“Cromwell in Battle of Naseby” by Charles Landseer
“Cromwell in Battle of Naseby” by Charles Landseer depicts Cromwell reading a letter from the King’s private papers that were found in Charles’s Cabinet, after the Battle of Naseby. In this decisive battle, King Charles I lost the bulk of his veteran infantry and officers, all of his artillery and stores, his personal baggage and many arms. Captured in the baggage train were the King’s private papers, revealing to the fullest extent his attempts to draw Catholics and foreign mercenaries into the war.
The King’s correspondence showed he intended to seek support from the Irish Catholic Confederation and Catholic nations in Europe. By publishing this correspondence, entitled “The King’s Cabinet Opened,” Parliament gained much support in favor of fighting the war to a finish. Within a year, the first civil war ended in a Parliamentarian military victory.
Battle of Naseby
The Battle of Naseby was a decisive engagement during the First English Civil War, fought in 1645 between the Royalist army of King Charles I and the Parliamentarian New Model Army, commanded by Sir Thomas Fairfax and Oliver Cromwell. It was fought near the village of Naseby in Northamptonshire.
After the Royalists stormed the Parliamentarian town of Leicester in 1645, Fairfax was ordered to lift his siege of Oxford, the Royalist capital, and engage the King’s main army. Eager to bring the Royalists to battle, Fairfax set off in pursuit of the Royalist army, which was heading to recover the north. The King, faced with retreating north or giving battle, decided to give battle, fearing a loss of morale if his army if he continued retreating. After hard fighting, the Parliamentarian army had effectively destroyed the Royalist force, which suffered 7,000 casualties. The King lacked the resources to create an army of such quality again, and after Naseby, it merely remained for the Parliamentarian armies to wipe out the last pockets of Royalist resistance. Within a year, Parliament had won the first civil war.
Charles Landseer (1799 – 1879) was an English painter, mostly on subjects from British history, or literature. He paid close attention to the historical accuracy of the accessories and details in his paintings.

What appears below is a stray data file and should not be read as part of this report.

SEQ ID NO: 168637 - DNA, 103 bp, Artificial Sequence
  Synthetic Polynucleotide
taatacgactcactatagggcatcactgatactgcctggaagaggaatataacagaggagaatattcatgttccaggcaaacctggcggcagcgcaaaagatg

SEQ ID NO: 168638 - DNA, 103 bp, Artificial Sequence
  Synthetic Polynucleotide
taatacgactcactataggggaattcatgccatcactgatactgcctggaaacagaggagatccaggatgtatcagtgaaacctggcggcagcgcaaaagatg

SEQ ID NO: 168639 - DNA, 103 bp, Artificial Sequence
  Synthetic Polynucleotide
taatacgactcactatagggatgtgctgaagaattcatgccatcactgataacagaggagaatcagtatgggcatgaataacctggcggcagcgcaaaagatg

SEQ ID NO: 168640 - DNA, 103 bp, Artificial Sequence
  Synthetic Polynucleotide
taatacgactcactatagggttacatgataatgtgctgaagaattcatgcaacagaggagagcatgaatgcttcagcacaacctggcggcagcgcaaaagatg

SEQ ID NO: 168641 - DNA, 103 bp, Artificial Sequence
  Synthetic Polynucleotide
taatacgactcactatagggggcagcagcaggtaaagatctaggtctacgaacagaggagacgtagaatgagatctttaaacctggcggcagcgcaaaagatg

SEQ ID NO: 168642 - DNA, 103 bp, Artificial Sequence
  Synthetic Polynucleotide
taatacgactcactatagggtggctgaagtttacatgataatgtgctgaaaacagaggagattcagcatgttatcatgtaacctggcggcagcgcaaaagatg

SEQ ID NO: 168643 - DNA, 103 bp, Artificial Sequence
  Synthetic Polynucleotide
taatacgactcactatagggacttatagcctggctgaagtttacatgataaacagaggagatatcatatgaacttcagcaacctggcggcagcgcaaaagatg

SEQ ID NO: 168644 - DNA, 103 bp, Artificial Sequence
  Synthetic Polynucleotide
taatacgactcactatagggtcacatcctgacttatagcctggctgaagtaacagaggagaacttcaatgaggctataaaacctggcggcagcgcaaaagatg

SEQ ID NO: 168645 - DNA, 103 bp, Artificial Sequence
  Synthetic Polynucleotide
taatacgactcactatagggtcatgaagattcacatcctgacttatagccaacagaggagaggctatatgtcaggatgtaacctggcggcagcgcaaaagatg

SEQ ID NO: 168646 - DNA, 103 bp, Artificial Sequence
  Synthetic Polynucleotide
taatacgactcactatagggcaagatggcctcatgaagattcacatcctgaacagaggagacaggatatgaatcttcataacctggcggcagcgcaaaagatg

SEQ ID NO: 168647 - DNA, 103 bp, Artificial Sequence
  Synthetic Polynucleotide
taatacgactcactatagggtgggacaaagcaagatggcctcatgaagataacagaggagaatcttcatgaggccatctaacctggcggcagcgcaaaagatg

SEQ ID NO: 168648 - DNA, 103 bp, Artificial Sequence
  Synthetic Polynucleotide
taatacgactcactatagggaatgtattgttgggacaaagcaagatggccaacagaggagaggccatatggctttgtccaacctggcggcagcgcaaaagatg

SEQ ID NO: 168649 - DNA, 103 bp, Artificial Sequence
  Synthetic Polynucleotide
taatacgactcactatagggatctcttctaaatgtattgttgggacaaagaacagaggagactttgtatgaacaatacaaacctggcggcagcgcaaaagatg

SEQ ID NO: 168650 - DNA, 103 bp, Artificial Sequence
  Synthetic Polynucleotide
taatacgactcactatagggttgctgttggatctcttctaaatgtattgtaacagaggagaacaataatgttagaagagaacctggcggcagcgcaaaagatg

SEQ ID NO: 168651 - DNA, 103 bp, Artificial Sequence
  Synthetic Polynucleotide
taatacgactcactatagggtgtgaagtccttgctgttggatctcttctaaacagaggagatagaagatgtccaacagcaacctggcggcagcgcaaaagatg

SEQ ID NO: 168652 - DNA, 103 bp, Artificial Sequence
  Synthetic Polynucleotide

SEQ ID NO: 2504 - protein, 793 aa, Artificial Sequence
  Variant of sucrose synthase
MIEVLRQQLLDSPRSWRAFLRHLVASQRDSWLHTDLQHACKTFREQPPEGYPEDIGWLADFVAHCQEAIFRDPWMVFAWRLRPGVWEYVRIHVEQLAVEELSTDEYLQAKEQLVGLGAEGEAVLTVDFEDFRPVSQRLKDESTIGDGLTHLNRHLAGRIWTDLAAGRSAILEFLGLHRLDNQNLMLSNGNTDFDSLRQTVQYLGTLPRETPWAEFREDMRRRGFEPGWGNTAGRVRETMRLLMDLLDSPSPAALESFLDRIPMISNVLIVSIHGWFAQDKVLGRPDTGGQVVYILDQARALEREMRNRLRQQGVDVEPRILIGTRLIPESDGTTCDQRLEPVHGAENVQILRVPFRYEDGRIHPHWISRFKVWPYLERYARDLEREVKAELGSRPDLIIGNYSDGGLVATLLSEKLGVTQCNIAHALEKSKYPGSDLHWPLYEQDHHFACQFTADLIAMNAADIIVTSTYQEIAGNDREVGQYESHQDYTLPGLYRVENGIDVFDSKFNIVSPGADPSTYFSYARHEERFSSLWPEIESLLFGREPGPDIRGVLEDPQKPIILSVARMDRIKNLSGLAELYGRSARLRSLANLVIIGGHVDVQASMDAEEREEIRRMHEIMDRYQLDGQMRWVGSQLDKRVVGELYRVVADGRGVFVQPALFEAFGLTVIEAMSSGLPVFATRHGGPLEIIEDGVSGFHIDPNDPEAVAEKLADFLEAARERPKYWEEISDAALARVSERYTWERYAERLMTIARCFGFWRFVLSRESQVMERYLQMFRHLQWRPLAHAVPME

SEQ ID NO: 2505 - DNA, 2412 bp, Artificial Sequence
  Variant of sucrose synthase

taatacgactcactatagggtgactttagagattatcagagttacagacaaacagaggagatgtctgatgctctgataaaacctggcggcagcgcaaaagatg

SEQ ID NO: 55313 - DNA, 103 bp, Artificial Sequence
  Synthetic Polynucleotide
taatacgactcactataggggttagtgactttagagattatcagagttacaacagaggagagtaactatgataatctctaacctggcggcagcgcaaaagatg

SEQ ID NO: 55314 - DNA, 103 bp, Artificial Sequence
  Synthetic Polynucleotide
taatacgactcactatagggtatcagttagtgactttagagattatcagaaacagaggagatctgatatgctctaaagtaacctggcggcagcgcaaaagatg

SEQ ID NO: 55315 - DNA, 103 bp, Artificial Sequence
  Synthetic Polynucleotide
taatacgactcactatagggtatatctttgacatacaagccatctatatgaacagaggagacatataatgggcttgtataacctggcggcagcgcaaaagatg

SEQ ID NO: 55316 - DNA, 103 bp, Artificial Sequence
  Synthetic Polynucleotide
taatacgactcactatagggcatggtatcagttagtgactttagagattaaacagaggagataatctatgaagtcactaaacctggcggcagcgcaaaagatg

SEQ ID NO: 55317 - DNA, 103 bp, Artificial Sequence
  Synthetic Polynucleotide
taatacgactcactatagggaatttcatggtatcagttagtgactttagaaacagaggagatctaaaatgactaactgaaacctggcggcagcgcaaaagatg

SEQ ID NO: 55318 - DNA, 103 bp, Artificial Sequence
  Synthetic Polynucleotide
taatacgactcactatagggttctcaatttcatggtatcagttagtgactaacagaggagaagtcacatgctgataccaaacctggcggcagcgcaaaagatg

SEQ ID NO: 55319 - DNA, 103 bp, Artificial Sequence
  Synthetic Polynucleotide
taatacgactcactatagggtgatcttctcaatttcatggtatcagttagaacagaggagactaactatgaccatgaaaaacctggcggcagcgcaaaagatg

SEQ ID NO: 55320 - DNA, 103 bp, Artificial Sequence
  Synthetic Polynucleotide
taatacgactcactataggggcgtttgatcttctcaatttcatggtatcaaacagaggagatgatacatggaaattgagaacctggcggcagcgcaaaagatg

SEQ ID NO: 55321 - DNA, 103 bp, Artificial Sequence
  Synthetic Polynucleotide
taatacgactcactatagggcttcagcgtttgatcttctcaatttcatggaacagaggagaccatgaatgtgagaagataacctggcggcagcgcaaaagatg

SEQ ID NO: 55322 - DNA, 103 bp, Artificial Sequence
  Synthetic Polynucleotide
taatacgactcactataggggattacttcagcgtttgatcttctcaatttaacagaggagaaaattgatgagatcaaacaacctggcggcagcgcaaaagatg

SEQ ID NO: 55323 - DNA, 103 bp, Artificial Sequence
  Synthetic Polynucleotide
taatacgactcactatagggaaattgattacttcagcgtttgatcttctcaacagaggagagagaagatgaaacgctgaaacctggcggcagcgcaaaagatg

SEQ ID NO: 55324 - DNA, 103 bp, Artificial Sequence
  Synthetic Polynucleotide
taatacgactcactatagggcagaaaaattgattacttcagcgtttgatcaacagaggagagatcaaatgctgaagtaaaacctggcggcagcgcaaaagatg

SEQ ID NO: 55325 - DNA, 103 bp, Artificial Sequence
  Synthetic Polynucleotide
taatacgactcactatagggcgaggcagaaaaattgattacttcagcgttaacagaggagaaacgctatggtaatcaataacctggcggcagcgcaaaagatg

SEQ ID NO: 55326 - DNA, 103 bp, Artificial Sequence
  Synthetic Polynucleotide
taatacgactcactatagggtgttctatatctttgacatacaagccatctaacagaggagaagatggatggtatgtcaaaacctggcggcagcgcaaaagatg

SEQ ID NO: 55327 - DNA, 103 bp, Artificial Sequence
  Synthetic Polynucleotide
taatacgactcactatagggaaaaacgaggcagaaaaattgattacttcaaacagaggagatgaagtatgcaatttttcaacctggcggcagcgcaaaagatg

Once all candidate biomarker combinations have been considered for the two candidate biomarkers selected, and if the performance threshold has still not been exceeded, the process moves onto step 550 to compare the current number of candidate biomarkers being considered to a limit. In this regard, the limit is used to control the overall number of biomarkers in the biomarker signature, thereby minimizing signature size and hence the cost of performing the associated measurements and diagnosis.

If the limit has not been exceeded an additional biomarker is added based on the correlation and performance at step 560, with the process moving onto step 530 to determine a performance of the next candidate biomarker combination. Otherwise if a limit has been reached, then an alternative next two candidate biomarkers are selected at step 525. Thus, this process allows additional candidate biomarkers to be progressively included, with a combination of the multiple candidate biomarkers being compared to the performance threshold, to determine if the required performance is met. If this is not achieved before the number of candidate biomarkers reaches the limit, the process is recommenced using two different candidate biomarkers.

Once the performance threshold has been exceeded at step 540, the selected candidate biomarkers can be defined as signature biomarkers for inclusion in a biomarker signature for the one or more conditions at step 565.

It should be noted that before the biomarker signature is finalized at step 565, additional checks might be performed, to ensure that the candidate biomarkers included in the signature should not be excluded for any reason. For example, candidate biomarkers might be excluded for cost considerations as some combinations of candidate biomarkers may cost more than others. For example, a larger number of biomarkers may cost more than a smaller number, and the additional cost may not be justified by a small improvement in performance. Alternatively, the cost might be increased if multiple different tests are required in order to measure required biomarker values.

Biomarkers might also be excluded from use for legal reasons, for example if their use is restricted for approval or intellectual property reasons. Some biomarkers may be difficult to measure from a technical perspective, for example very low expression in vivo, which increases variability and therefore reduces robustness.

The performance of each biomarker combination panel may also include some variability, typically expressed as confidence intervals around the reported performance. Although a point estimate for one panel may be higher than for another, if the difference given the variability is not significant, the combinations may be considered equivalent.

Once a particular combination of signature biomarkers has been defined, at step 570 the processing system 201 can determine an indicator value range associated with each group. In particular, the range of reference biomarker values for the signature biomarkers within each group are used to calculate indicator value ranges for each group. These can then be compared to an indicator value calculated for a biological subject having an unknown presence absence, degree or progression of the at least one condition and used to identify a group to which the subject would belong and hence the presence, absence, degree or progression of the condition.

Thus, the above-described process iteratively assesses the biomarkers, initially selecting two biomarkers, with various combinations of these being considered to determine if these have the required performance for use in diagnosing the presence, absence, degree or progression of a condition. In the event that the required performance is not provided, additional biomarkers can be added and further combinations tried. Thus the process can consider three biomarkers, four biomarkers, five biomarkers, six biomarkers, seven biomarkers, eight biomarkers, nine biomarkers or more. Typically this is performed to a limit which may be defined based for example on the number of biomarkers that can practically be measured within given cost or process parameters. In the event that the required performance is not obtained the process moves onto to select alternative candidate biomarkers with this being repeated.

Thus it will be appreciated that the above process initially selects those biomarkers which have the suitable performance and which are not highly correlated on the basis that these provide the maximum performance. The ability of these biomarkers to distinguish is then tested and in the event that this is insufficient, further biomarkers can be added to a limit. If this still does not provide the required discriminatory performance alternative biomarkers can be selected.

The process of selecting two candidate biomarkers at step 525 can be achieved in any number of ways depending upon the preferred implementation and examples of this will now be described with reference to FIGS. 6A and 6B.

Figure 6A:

- Do History Paintings increase your interest in our history?
- Moral of the Story – Look after your Confidential Documents?
- Moral of the Story – Retreat is a legitimate strategy?
- What is the moral of this story?
Cromwell in Battle of Naseby
- Title: Cromwell in Battle of Naseby
- Deutsch: Cromwell in der Schlacht bei Naseby im Jahre 1645
- Artist: Charles Landseer (1799-1879)
- Medium: Oil on canvas
- Date: 1851
- Dimensions: Height: 55 cm (21.6 ″); Width: 71 cm (27.9 ″)
- Museum: National Gallery (Berlin) – Alte Nationalgalerie
- Name: Charles Landseer
- Born: 1799 – London
- Died: 1879 – London
- Nationality: English
- Notable works:
Explore Alte Nationalgalerie – National Gallery, Berlin
- “In Summer” by Pierre-Auguste Renoir
- “In the Conservatory” by Édouard Manet
- “Moonrise by the Sea” by Caspar David Friedrich
- “Cromwell in Battle of Naseby” by Charles Landseer
Explore History Paintings
- “Washington Crossing the Delaware” by Emanuel Leutze
- “The Family of Darius before Alexander” by Paolo Veronese
- “Las Meninas” or “The Ladies-in-Waiting” by Diego Velázquez
- “The Third of May 1808” by Francisco Goya
- “The Fighting Temeraire” by Joseph Mallord William Turner
- “Westward the Course of Empire Takes Its Way” by Emanuel Leutze
- “The Capture of the Hessians at Trenton, December 26, 1776” by John Trumbull
- “The March to Valley Forge” by William B. T. Trego
- “The Massacre at Chios” by Eugène Delacroix
- “The Execution of Lady Jane Grey” by Paul Delaroche
- History Paintings
A Tour of Germany’s Museums
- The Pergamon Museum
- Neues Museum
- Altes Museum
- Alte Nationalgalerie – National Gallery (Berlin)
- Bode Museum
- Gemäldegalerie, Berlin
- Spy Museum Berlin
- Jewish Museum, Berlin
- Deutsches Historisches Museum – German Historical Museum
- DDR Museum
- German Resistance Memorial Center
- Art Galleries
- Greek and Roman Art
- Egyptian Art
- Kunsthalle Munich
- Deutsches Museum – German Museum of Masterpieces of Science and Technology
“Keep your faith in God, but keep your powder dry.”
– Oliver Cromwell
Photo Credit: Alte Nationalgalerie [Public domain]